Jimmy Greaves, who has died aged 81, will be remembered as a prodigy, pioneer and pundit as well as one of the greatest natural goalscorers English football has ever produced.
Greaves’ glittering career at club level with Chelsea, AC Milan, Tottenham Hotspur and West Ham United was matched by his feats for England as he remains fourth in the list of all-time goalscorers behind Wayne Rooney, Sir Bobby Charlton and Gary Lineker with 44 goals in 57 games.
Despite this stellar record, he will be best remembered at international level for the crushing disappointment of missing England’s 1966 World Cup final win over West Germany at Wembley after failing to regain his place from Sir Geoff Hurst following an injury. Hurst scored a hat-trick in England’s 4-2 win.
After retiring from the game and overcoming alcoholism, Greaves forged a hugely successful broadcasting career that cemented his status as one of the game’s most popular and enduring figures.Jimmy Greaves for Chelsea at Stamford Bridge in 1957
The future England legend would carve a name for himself at Chelsea aged just 17
Greaves already had a reputation as a special talent as one of ‘Drake’s Ducklings’ at Chelsea – the name given to manager Ted Drake’s group of gifted youngsters in response to Manchester United’s ‘Busby Babes’. He made his debut as a 17-year-old in August 1957, scoring against Spurs at White Hart Lane.
He may be best remembered for his feats at Spurs but his name is still fondly recalled at Chelsea after scoring 124 league goals in just four years at Stamford Bridge – his natural speed, poise and killer instinct in and around the penalty area breaking records.
In 1960, aged 20 years and 290 days, he became the youngest player to score 100 league goals as his feats brought him to Europe’s attention.
The pioneerThe young Greaves was one of English football’s early exports when he left Chelsea for Italy and AC Milan in June 1961 – but it was a move he made reluctantly and briefly, scoring nine goals in 14 games before returning to London just five months later.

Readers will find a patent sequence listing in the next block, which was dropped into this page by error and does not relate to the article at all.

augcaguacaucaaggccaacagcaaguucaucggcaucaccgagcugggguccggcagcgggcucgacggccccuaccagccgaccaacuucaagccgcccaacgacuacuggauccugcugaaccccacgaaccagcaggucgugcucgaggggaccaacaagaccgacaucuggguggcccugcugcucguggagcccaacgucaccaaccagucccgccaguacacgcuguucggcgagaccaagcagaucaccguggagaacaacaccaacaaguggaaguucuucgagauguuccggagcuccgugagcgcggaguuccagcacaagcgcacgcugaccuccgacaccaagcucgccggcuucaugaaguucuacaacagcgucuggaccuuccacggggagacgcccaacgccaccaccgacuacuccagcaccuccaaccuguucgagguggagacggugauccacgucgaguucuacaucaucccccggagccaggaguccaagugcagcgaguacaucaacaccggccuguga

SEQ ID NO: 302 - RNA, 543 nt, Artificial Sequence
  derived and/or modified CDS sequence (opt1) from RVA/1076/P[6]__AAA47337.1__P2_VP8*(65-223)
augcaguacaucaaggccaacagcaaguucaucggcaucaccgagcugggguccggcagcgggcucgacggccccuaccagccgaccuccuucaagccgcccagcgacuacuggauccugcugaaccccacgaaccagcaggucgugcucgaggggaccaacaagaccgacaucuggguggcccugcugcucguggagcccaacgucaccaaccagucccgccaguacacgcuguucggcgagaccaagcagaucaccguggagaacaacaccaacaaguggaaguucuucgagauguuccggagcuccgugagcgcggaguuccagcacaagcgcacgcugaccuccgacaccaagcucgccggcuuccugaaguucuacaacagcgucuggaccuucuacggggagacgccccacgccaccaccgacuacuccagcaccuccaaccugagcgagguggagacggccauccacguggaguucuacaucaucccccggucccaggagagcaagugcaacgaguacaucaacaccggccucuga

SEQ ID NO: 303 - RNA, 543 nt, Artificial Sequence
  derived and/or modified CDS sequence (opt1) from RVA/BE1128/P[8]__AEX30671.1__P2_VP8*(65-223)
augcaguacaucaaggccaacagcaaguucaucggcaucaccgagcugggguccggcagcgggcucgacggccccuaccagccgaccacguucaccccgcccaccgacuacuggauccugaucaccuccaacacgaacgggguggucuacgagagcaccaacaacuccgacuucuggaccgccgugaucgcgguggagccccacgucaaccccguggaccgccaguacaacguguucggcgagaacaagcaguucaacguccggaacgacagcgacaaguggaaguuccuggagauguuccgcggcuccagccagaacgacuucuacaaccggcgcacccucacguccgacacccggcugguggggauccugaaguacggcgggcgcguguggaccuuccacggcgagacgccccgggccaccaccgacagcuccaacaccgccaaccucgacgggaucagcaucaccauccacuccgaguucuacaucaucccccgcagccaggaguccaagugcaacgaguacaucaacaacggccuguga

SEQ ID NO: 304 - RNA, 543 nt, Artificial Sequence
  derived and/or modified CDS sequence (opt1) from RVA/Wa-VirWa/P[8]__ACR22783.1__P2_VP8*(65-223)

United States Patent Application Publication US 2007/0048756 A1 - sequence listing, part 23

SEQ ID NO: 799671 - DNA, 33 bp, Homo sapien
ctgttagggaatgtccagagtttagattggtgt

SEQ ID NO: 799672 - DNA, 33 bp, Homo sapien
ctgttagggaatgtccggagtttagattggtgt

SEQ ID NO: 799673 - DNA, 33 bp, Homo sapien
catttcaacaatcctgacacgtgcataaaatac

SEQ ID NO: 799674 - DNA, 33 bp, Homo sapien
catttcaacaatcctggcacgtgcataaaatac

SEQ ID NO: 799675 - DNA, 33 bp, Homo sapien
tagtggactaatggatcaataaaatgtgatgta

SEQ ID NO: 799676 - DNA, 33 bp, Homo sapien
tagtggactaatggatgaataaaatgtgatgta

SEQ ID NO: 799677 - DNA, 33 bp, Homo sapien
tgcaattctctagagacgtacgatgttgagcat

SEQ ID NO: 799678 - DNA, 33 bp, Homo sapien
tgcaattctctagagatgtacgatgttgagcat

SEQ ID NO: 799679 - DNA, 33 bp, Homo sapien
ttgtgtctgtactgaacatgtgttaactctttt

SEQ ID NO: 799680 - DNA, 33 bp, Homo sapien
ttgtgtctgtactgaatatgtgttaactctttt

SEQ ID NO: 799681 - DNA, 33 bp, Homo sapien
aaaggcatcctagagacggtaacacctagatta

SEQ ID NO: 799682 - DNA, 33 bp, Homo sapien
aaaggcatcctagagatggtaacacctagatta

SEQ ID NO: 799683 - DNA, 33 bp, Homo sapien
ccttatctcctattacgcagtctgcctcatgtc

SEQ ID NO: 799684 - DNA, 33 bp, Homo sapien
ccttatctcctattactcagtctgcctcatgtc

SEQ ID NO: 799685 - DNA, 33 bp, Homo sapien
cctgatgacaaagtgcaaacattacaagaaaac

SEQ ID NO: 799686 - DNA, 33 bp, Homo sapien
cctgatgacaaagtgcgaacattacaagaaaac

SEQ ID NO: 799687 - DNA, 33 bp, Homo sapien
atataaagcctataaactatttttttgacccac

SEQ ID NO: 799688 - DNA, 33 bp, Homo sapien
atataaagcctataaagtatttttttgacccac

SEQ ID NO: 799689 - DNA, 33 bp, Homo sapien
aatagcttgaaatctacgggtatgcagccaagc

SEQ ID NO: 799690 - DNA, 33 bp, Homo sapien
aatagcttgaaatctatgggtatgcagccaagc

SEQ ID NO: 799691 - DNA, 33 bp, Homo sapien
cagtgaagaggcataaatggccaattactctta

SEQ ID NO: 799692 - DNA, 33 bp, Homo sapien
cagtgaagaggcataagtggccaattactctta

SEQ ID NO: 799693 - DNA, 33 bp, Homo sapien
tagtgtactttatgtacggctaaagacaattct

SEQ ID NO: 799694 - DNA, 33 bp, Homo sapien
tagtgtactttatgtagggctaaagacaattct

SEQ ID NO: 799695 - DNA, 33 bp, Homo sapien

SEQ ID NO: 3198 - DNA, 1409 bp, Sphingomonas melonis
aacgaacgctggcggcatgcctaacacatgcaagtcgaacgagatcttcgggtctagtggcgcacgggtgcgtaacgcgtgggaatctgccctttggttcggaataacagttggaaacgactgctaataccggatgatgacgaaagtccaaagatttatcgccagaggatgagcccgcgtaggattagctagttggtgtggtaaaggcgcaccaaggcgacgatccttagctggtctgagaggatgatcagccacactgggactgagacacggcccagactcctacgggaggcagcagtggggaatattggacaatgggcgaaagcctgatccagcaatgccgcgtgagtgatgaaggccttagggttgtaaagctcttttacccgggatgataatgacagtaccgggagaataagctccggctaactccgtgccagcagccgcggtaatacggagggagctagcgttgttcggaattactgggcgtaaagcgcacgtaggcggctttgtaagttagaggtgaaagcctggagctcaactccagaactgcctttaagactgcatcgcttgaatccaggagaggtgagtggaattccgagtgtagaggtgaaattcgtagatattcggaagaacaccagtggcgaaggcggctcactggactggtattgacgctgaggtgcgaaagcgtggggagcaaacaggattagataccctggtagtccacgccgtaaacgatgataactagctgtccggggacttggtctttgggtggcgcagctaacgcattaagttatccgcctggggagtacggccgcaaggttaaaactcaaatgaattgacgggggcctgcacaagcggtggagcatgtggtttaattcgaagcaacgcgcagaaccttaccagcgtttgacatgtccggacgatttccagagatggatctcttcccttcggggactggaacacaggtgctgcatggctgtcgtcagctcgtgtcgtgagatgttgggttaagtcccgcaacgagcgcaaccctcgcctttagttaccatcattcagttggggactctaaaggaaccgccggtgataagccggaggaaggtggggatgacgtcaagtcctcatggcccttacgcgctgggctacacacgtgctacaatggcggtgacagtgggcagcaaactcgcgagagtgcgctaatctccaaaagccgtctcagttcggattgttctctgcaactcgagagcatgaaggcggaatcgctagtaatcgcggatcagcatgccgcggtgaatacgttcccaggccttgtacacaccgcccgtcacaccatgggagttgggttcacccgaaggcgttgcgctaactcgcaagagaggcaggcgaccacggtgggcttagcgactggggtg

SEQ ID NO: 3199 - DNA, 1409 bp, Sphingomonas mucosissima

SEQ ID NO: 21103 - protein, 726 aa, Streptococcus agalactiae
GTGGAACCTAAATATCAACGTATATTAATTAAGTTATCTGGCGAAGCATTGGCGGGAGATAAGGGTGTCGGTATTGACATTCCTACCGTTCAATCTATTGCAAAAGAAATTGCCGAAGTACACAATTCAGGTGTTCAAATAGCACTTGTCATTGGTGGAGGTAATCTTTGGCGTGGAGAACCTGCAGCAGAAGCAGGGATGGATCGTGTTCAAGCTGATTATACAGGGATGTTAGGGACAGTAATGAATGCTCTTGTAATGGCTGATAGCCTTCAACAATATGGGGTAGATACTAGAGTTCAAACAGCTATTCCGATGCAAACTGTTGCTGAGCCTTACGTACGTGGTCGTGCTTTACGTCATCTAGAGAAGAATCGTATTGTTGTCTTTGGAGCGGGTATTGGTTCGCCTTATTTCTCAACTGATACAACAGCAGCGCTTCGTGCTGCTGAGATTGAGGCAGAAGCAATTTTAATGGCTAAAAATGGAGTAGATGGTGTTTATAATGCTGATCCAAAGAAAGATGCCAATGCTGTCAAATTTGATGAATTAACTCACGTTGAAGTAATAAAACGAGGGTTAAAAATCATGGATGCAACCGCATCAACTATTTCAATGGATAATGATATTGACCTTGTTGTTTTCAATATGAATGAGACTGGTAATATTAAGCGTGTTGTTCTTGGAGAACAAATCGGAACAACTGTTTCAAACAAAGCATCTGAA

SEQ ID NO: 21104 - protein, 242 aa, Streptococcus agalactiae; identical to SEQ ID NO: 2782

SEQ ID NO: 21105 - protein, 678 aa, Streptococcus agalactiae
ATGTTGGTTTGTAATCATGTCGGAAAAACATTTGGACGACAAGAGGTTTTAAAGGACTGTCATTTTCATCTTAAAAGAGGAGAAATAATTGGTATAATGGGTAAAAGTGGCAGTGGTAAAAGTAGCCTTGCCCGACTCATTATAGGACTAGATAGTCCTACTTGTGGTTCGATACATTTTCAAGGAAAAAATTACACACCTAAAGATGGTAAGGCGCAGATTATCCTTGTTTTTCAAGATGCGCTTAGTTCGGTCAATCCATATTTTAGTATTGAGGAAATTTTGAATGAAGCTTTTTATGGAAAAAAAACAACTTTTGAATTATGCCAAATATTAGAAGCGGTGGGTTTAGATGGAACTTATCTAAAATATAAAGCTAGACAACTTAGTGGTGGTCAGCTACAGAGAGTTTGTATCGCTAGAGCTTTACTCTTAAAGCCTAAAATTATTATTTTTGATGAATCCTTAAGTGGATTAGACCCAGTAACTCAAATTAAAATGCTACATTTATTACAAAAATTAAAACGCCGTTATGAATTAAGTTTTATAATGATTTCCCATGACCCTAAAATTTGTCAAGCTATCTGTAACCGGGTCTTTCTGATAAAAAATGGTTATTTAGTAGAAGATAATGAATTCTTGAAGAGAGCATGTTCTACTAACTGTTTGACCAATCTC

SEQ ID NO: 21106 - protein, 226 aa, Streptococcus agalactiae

Even in that short stint, he still demonstrated his class.
In an Italian league dominated by the Catenaccio ‘door bolt’ defensive system, Greaves proved he could still pick the locks with expertise, scoring goals even in the face of physical punishment.
He later said: “I always felt I went to Milan a boy and came back a man thanks to all the physical treatment I withstood from their defenders.”
Scoring goals, anywhere, was never a problem but Greaves felt stifled under the austere regime of Milan’s new head coach Nereo Rocco, who banned sex and alcohol for three days before matches. Greaves could not wait to return when the San Siro giants accepted bids of £96,500 from Chelsea and Spurs.
The glory, glory yearsGreaves was on his way to Spurs in December 1961 after the League and FA Cup ‘double’ winners eventually outbid Chelsea with an offer of £99,999 – manager Bill Nicholson declining to pay the last pound because he did not want the striker to be burdened with the tag of being England’s first £100,000 footballer.
It was worth every penny as Greaves’ deeds wrote him into White Hart Lane legend, scoring a record 266 goals in 379 games in all competitions for the club.
He won the FA Cup twice at Spurs, scoring in a 3-1 win over Burnley in 1962 and playing in the 2-1 win against Chelsea in 1967.
Greaves demonstrated his quality on the wider stage as Spurs won the European Cup Winners’ Cup in 1963, scoring twice as they beat Atletico Madrid 5-1 in the final in Rotterdam.